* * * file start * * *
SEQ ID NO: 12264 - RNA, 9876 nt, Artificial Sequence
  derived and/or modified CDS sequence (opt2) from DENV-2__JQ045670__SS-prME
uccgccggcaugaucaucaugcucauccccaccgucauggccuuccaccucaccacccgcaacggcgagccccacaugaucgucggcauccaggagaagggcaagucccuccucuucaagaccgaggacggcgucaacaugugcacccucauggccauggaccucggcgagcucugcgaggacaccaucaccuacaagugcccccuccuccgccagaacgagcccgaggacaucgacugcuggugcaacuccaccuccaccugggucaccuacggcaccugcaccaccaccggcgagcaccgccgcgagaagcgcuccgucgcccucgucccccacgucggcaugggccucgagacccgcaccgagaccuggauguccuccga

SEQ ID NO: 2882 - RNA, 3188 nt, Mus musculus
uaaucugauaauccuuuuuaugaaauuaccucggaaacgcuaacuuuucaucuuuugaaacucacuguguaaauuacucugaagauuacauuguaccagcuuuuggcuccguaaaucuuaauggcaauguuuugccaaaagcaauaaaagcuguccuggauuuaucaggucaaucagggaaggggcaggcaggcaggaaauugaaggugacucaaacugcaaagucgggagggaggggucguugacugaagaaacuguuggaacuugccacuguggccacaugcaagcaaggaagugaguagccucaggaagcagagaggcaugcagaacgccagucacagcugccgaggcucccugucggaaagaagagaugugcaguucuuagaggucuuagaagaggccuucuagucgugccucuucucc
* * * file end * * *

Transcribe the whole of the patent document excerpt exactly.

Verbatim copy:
SEQ ID NO: 12264 - RNA, 9876 nt, Artificial Sequence
  derived and/or modified CDS sequence (opt2) from DENV-2__JQ045670__SS-prME
uccgccggcaugaucaucaugcucauccccaccgucauggccuuccaccucaccacccgcaacggcgagccccacaugaucgucggcauccaggagaagggcaagucccuccucuucaagaccgaggacggcgucaacaugugcacccucauggccauggaccucggcgagcucugcgaggacaccaucaccuacaagugcccccuccuccgccagaacgagcccgaggacaucgacugcuggugcaacuccaccuccaccugggucaccuacggcaccugcaccaccaccggcgagcaccgccgcgagaagcgcuccgucgcccucgucccccacgucggcaugggccucgagacccgcaccgagaccuggauguccuccga

SEQ ID NO: 2882 - RNA, 3188 nt, Mus musculus
uaaucugauaauccuuuuuaugaaauuaccucggaaacgcuaacuuuucaucuuuugaaacucacuguguaaauuacucugaagauuacauuguaccagcuuuuggcuccguaaaucuuaauggcaauguuuugccaaaagcaauaaaagcuguccuggauuuaucaggucaaucagggaaggggcaggcaggcaggaaauugaaggugacucaaacugcaaagucgggagggaggggucguugacugaagaaacuguuggaacuugccacuguggccacaugcaagcaaggaagugaguagccucaggaagcagagaggcaugcagaacgccagucacagcugccgaggcucccugucggaaagaagagaugugcaguucuuagaggucuuagaagaggccuucuagucgugccucuucucc